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The 1974 West Flank Eruption of Mount Etna: A Data-Driven Model for a Low Elevation Effusive Event

Abstract : Low elevation flank eruptions represent highly hazardous events due to their location near, or in, communities. Their potentially high effusion rates can feed fast moving lava flows that enter populated areas with little time for warning or evacuation, as was the case at Nyiragongo in 1977. The January–March 1974 eruption on the western flank of Mount Etna, Italy, was a low elevation effusive event, but with low effusion rates. It consisted of two eruptive phases, separated by 23 days of quiescence, and produced two lava flow fields. We describe the different properties of the two lava flow fields through structural and morphological analyses using UAV-based photogrammetry, plus textural and rheological analyses of samples. Phase I produced lower density (∼2,210 kg m−3) and crystallinity (∼37%) lavas at higher eruption temperatures (∼1,080°C), forming thinner (2–3m) flow units with less-well-developed channels than Phase II. Although Phase II involved an identical source magma, it had higher densities (∼2,425 kgm−3) and crystallinities (∼40%), and lower eruption temperatures (∼1,030°C), forming thicker (5m) flow units with well-formed channels. These contrasting properties were associated with distinct rheologies, Phase lavas having lower viscosities (∼103 Pa s) than Phase II (∼105 Pa s). Effusion rates were higher during Phase I (≥5m3/s), but the episodic, short-lived nature of each lava flow emplacement event meant that flows were volume-limited and short (≤1.5 km). Phase II effusion rates were lower (≤4m3/s), but sustained effusion led to flow units that could still extend 1.3 km, although volume limits resulted from levee failure and flow avulsion to form new channels high in the lava flow system. We present a petrologically-based model whereby a similar magma fed both phases, but slower ascent during Phase II may have led to greater degrees of degassing resulting in higher cooling-induced densities and crystallinities, as well as lower temperatures. We thus define a low effusion rate endmember scenario for low elevation effusive events, revealing that such events are not necessarily of high effusion rate and velocity, as in the catastrophic event scenarios of Etna 1669 or Kilauea 2018.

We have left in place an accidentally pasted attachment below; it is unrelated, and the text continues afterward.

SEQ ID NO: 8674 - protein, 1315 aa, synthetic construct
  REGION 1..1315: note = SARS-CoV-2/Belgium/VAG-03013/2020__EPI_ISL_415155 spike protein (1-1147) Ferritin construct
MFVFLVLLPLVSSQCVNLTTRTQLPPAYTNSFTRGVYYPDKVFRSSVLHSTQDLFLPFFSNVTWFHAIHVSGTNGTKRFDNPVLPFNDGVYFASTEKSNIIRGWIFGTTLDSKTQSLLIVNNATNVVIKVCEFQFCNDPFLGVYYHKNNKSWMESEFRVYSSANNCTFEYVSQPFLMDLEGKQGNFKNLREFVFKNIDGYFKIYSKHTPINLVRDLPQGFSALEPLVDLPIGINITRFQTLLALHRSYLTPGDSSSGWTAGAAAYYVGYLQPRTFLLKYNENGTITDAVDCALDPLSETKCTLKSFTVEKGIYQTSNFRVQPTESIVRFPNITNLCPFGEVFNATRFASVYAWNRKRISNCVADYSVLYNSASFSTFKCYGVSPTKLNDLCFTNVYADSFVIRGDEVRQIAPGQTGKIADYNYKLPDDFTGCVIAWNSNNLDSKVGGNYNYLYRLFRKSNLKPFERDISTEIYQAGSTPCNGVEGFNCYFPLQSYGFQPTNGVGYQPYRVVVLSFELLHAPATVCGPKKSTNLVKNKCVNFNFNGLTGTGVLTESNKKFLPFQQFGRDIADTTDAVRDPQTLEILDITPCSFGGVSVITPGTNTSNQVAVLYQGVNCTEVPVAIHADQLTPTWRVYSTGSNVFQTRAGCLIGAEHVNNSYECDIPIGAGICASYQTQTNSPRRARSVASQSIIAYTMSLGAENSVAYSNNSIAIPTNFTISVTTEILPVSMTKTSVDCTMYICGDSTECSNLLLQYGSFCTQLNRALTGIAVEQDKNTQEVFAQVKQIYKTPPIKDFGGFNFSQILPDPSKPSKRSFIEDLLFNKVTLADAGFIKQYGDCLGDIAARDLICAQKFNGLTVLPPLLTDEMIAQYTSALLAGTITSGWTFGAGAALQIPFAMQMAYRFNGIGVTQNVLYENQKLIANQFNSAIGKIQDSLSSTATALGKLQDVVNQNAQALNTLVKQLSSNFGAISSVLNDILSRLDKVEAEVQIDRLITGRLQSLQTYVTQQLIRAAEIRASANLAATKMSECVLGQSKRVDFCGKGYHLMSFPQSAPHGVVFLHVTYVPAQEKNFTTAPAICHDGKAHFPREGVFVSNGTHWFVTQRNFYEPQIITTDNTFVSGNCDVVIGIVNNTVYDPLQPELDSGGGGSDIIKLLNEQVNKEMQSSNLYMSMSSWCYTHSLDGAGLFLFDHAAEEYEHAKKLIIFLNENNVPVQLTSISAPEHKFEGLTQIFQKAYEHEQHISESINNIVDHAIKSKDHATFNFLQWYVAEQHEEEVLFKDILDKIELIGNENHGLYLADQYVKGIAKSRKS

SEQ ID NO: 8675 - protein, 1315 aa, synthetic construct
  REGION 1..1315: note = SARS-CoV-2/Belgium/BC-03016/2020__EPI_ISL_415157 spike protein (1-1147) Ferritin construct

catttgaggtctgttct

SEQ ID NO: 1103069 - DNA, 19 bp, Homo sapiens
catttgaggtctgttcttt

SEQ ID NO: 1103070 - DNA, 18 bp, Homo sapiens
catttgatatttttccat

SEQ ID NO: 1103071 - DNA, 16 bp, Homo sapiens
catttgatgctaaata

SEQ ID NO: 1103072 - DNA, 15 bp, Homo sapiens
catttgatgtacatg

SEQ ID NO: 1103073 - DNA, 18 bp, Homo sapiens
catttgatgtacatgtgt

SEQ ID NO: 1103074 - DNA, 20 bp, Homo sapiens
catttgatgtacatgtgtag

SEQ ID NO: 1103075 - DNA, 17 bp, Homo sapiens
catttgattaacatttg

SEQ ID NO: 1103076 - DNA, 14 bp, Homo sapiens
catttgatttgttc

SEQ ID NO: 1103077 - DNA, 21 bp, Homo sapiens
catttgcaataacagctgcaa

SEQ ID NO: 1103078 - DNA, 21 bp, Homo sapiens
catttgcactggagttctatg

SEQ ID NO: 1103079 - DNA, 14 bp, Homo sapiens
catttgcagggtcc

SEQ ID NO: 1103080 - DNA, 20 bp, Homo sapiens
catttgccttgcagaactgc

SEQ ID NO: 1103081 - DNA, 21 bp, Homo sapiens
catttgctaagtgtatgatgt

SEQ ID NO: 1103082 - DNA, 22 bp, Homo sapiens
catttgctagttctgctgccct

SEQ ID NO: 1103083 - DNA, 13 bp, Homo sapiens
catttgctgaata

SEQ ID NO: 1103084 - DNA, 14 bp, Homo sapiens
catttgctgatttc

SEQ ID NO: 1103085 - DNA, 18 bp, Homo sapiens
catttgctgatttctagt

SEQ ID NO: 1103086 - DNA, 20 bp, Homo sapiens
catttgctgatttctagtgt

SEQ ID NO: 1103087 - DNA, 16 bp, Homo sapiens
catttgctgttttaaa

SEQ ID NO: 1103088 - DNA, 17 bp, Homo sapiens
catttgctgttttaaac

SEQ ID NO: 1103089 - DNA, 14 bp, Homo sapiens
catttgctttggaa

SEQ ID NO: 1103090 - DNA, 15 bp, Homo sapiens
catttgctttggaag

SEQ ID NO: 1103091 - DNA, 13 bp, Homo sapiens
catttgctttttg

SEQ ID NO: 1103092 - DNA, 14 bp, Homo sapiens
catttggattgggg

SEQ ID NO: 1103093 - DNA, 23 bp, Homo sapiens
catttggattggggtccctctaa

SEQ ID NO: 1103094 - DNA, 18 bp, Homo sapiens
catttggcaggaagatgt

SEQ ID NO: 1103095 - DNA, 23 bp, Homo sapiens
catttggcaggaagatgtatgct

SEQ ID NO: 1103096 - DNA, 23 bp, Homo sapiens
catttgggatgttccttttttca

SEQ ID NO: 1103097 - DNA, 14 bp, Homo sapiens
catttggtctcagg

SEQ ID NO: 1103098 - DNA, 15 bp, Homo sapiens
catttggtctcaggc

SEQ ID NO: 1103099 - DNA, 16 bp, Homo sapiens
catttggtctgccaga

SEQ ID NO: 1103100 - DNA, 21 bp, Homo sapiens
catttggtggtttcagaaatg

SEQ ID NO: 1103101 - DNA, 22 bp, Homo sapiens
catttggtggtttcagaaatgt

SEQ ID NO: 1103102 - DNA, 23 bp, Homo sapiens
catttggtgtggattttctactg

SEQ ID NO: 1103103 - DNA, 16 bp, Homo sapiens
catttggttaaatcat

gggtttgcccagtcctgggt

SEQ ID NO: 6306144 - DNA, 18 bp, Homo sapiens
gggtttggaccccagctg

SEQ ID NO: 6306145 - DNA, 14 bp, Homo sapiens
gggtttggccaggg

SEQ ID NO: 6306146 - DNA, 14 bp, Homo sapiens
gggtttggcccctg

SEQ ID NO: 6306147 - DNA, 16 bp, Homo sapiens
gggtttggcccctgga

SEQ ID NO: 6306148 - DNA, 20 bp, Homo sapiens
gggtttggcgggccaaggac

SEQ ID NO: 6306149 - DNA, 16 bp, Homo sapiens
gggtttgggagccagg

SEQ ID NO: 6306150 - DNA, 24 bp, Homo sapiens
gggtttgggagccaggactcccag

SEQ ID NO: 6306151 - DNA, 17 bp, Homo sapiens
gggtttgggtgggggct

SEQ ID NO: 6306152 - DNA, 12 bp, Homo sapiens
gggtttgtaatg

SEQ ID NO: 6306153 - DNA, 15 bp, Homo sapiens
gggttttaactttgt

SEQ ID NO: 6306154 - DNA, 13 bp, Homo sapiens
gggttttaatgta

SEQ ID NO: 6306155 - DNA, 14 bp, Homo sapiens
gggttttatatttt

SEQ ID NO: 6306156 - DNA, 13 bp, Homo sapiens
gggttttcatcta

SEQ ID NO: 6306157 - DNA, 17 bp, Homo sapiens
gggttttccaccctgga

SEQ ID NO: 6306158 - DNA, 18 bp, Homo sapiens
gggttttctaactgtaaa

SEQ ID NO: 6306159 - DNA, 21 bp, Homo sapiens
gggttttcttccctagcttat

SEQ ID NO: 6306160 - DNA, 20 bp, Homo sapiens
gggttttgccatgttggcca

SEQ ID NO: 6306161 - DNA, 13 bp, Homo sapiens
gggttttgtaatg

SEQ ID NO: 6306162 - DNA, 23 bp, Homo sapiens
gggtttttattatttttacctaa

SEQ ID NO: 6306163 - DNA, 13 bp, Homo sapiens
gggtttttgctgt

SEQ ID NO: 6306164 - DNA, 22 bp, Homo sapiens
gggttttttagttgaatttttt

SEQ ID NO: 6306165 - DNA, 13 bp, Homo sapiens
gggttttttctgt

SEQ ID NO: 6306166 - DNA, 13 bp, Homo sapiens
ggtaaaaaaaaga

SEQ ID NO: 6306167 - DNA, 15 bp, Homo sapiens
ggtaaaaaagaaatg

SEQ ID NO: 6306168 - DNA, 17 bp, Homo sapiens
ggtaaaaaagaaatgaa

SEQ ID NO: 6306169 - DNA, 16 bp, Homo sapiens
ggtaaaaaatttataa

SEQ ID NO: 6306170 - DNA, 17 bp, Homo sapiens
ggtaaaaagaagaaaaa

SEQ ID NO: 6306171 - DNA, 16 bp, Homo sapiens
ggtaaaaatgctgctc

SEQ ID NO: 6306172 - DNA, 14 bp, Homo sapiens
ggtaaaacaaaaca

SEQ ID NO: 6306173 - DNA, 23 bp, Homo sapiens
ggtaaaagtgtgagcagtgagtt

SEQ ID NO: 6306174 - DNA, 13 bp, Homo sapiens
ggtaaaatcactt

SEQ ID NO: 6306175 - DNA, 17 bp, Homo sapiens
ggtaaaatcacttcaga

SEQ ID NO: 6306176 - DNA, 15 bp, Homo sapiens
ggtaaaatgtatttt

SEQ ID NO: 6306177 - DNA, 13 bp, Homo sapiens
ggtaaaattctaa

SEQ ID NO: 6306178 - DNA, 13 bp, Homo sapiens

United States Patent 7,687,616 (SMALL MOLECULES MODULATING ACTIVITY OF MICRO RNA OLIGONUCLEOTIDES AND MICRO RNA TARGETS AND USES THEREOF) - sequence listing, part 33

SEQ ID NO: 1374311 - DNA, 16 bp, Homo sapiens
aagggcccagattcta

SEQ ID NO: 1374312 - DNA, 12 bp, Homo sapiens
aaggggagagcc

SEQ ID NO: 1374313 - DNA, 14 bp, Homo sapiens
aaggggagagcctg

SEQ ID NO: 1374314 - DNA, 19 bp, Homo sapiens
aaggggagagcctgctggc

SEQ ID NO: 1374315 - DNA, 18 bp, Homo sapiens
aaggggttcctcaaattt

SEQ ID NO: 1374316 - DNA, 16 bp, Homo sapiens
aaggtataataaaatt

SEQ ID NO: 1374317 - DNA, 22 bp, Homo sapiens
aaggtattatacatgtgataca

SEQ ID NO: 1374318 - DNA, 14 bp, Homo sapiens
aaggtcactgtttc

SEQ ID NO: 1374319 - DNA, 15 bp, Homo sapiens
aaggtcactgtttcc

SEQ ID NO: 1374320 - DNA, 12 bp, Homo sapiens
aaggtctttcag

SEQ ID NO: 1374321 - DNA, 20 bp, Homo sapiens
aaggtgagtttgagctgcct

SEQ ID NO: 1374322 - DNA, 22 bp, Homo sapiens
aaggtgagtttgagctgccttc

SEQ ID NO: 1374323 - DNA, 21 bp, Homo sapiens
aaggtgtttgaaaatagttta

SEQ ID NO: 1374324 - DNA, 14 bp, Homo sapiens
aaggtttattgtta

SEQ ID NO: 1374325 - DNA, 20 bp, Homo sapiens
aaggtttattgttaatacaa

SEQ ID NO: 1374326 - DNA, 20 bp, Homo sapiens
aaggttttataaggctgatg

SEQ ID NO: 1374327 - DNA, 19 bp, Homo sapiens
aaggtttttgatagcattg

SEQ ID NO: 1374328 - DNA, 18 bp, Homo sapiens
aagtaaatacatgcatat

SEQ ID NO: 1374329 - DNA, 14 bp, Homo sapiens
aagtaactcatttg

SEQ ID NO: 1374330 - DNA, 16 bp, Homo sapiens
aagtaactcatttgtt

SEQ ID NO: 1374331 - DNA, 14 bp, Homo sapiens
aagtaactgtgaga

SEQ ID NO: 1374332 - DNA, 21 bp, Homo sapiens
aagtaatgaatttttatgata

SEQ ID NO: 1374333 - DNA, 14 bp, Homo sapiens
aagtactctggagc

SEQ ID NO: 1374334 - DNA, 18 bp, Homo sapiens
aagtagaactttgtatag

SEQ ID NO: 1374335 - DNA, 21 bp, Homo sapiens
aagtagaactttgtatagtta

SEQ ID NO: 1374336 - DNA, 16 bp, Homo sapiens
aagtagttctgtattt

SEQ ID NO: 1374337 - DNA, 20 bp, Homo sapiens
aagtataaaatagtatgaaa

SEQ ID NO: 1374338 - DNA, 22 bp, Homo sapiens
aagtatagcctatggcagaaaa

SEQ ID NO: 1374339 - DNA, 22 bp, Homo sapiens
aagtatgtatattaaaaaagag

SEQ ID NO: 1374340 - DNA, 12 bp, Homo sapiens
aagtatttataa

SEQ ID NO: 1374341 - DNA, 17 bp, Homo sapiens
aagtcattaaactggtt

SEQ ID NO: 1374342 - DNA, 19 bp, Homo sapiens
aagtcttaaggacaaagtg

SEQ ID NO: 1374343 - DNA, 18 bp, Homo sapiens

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https://hal.uca.fr/hal-03137036
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Charline Lormand, Andrew Harris, Magdalena Oryaëlle Chevrel, Sonia Calvari, Lucia Gurioli, et al.. The 1974 West Flank Eruption of Mount Etna: A Data-Driven Model for a Low Elevation Effusive Event. Frontiers in Earth Science, Frontiers Media, 2020, 8, ⟨10.3389/feart.2020.590411⟩. ⟨hal-03137036⟩

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